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In the last section, we discussed the speaker listener technique for structuring conversations for divorced clients on sensitive issues. There are six basic steps to this technique. They are the speaker has the floor, share the floor, no problem solving, avoiding mind reading, don’t go on and on, and stop and let the listener paraphrase.
In this section, we will discuss finding and experiencing forgiveness. I find that three steps to forgiveness can help clients cope with divorce. These three steps are forgiveness gets the hate out, self forgiveness, and forgiving the former spouse. As you know, in the recovery process of working through a divorce, there is an area that many clients are reluctant to deal with. Would you agree that clients can learn to deal with the many aspects of being divorced on a cognitive level, but the area of forgiveness must be dealt with on an emotional and perhaps even spiritual level?
Understanding the 3 Steps to Forgiveness
♦ #1 Forgiveness Gets the Hate Out
First, let’s discuss how forgiveness gets the hate out.I don’t know of any other client experience outside of divorce that can stretch a client’s emotions and feelings from love to hate as quickly and bitterly as divorce. Wayne, age 29, divorced Brooke. Wayne described how he began to feel about Brooke after the divorce when he stated, "I’m building walls in my life now instead of bridges. You know, I started out hating her for leaving me. But now I’m hating myself and everyone around me."
I explained to Wayne that what he was experiencing was a very common reaction. I stated, "You can end up drowning in a sea of negative feelings toward other people and yourself. This kind of emotional bath can keep you from growing and becoming a new person." Would you agree that even though time diminishes hate, it does not heal it? I wanted to help Wayne see that experiencing forgiveness gets the hate out of one’s life permanently. Therefore, I shared with him several areas in knowing forgiveness.
♦ #2 Self Forgiveness
The second part of experiencing forgiveness is self forgiveness.This was the hardest step for Wayne. Wayne stated, "It’s easier to confess my humanity to anybody else than to admit it to myself." Does your client, like Wayne, live by the motto, ‘I know I’m not perfect, just don’t remind me of it?’Clearly, it is extremely hard for the client to admit to him or herself his or her own shortcomings.
I stated to Wayne, "The best court in the country couldn’t examine all the little things that caused your marriage to fail. And truthfully, I’m not skilled enough as a counselor to assess who or what caused your marriage to disintegrate. Lacking a pronouncement of some form that would place the blame, many people who go through a divorce take the blame upon themselves. Others might tend to absolve themselves of all the blame. Many clients who go through a divorce cannot forgive themselves for whatever part they played in the process. They end up playing the game of ‘If only I had…’ There is no way you can win this game because you can’t change anything. What has happened is history."
Wayne then asked, "So what does forgiving yourself really mean?" How might you have responded to Wayne? Might you use the following considerations regarding the definition of forgiveness?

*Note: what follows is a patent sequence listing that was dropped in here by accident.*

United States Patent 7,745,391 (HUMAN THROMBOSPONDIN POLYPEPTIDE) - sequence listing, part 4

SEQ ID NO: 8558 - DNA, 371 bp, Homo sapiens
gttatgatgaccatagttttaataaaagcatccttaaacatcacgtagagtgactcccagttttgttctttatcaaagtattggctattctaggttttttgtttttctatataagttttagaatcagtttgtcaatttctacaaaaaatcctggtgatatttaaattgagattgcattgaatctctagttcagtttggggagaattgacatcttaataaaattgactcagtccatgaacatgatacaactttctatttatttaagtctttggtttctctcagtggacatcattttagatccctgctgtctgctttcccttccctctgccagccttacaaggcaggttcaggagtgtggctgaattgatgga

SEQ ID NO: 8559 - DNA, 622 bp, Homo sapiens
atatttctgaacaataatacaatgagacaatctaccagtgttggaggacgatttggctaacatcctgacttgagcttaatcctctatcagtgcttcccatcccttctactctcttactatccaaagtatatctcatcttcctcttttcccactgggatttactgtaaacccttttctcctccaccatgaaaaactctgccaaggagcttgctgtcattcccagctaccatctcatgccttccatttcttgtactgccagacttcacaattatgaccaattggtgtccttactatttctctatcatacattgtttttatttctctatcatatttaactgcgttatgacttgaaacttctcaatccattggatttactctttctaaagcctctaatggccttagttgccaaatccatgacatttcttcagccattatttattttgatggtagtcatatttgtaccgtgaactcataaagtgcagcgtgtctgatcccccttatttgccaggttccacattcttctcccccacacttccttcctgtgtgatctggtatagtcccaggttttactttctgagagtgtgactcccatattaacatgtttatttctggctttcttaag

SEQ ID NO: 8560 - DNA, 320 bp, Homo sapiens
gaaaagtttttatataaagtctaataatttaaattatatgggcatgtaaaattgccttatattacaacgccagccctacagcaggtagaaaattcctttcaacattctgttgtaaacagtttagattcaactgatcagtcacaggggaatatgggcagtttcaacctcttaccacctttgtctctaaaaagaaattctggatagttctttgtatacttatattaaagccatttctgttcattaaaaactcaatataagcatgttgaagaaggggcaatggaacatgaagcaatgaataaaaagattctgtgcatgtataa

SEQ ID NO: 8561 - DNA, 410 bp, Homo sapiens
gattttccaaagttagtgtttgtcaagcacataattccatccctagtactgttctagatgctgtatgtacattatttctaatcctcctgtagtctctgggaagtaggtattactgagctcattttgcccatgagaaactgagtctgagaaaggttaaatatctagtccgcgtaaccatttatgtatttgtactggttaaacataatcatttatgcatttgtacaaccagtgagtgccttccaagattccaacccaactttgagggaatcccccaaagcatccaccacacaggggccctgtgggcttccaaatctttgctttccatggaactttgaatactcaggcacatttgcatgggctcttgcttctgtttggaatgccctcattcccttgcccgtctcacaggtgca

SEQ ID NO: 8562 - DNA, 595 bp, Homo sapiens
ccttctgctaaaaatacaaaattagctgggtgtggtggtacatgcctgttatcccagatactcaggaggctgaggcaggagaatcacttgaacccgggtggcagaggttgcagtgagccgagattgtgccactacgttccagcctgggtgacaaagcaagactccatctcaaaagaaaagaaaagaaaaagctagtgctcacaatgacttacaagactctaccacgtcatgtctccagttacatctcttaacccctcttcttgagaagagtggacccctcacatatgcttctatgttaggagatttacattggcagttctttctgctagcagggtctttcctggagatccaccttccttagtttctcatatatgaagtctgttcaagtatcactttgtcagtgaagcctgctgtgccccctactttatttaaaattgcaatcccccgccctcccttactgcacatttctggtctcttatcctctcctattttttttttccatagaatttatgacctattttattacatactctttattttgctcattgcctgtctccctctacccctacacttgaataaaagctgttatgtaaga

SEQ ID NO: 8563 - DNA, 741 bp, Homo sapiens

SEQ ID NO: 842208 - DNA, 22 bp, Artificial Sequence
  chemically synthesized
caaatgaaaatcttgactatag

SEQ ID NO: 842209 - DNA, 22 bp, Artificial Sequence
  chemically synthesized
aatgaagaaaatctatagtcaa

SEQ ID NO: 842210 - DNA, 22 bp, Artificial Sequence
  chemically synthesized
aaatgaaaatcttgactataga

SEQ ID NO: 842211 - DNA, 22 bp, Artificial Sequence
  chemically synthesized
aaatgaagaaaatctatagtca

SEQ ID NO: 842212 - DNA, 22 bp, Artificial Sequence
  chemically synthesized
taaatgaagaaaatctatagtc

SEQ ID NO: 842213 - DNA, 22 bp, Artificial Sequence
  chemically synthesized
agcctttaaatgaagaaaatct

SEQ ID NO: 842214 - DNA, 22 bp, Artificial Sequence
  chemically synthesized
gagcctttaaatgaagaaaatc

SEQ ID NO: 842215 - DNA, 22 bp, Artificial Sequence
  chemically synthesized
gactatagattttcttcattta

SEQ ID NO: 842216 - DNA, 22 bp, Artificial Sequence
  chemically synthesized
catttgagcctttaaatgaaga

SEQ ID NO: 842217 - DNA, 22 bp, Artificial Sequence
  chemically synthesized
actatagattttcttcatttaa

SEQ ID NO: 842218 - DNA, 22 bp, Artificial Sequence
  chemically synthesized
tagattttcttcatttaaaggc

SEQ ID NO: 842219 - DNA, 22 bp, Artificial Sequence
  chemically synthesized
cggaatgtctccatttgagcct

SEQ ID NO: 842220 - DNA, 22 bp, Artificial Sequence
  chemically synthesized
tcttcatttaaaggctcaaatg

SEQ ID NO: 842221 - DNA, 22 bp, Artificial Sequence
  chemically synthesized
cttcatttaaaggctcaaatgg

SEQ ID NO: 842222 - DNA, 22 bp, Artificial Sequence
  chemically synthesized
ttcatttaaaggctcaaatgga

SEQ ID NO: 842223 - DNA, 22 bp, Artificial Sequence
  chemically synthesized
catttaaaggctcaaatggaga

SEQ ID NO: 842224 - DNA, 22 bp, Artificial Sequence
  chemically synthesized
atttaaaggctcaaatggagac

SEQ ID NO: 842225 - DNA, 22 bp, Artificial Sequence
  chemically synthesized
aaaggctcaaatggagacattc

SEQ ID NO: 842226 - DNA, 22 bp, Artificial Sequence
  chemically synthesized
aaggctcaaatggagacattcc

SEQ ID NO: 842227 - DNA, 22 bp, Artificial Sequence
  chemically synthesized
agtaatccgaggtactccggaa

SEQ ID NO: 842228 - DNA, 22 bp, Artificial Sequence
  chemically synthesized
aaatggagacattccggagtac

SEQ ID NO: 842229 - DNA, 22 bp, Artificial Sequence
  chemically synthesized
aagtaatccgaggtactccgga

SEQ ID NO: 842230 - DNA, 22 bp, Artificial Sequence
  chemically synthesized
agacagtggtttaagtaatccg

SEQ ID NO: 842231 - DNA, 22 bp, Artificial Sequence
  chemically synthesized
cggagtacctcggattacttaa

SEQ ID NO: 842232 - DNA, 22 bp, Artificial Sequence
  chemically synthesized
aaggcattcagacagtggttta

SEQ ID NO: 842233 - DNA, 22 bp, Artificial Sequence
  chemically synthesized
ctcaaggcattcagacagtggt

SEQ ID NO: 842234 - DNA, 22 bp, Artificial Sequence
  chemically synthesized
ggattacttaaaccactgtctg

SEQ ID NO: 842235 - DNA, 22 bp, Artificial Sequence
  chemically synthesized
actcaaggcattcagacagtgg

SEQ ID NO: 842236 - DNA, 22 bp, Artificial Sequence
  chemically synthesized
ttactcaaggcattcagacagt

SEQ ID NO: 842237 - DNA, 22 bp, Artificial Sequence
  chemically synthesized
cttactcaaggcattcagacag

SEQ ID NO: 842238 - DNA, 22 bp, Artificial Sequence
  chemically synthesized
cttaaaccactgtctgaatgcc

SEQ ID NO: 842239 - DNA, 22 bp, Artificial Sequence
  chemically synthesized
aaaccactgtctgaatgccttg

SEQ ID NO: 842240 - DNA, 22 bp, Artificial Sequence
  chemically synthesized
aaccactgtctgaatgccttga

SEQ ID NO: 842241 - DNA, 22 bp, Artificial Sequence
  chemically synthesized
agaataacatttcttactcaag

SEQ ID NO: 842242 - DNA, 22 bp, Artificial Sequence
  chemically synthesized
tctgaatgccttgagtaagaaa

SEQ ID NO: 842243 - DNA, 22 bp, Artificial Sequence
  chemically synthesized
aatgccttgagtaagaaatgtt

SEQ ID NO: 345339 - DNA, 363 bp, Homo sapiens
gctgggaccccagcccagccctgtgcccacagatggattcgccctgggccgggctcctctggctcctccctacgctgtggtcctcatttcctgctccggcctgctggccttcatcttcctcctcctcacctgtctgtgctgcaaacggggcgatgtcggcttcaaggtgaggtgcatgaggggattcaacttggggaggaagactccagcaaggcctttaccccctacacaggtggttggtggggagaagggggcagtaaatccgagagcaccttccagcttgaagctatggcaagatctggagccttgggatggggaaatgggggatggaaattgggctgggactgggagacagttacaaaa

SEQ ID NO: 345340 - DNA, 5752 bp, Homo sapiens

Five Indicators of Forgiveness
I find that many clients, like Wayne, live under the yoke of self imposed guilt. Would you agree that such clients are unable to accept the fact that to be human means you will make mistakes?
♦ #3 Forgiving the Former Spouse
In addition to understanding that forgiveness gets the hate out and self forgiveness, let’s discuss forgiving the former spouse. When I brought up forgiving his ex wife in therapy, Wayne immediately stated, "Now that’s carrying things too far! After all she has done to me, I will never forgive that… woman."
I responded to Wayne by stating, "When a client is caught in the heat of an argument and emotional combat, forgiveness is usually the very last happening to come to mind. Be aware that forgiveness is not instant, but rather a process you can grow into." Think of your Wayne. How can forgiveness benefit your client? What options or techniques could you implement in your practice to foster forgiveness?
In this section, we discussed finding and experiencing forgiveness. I find that three steps to forgiveness can help clients cope with divorce. These three steps are forgiveness gets the hate out, self forgiveness, and forgiving the former spouse.
Peer-Reviewed Journal Article References:
Jamison, E. C., Bol, K. A., & Mintz, S. N. (2019). Analysis of the effects on time between divorce decree and suicide. Crisis: The Journal of Crisis Intervention and Suicide Prevention, 40(5), 309–316.
Øverup, C. S., Ciprić, A., Gad Kjeld, S., Strizzi, J. M., Sander, S., Lange, T., & Hald, G. M. (2020). Cooperation after divorce: A randomized controlled trial of an online divorce intervention on hostility. Psychology of Violence. Advance online publication.
van Scheppingen, M. A., & Leopold, T. (2019). Trajectories of life satisfaction before, upon, and after divorce: Evidence from a new matching approach. Journal of Personality and Social Psychology. Advance online publication.
Wortman, J., & Lucas, R. E. (2016). Spousal similarity in life satisfaction before and after divorce. Journal of Personality and Social Psychology, 110(4), 625–633.
Question 14: What are three steps to forgiveness which can help clients cope with divorce? To select and enter your answer, go to the Test.
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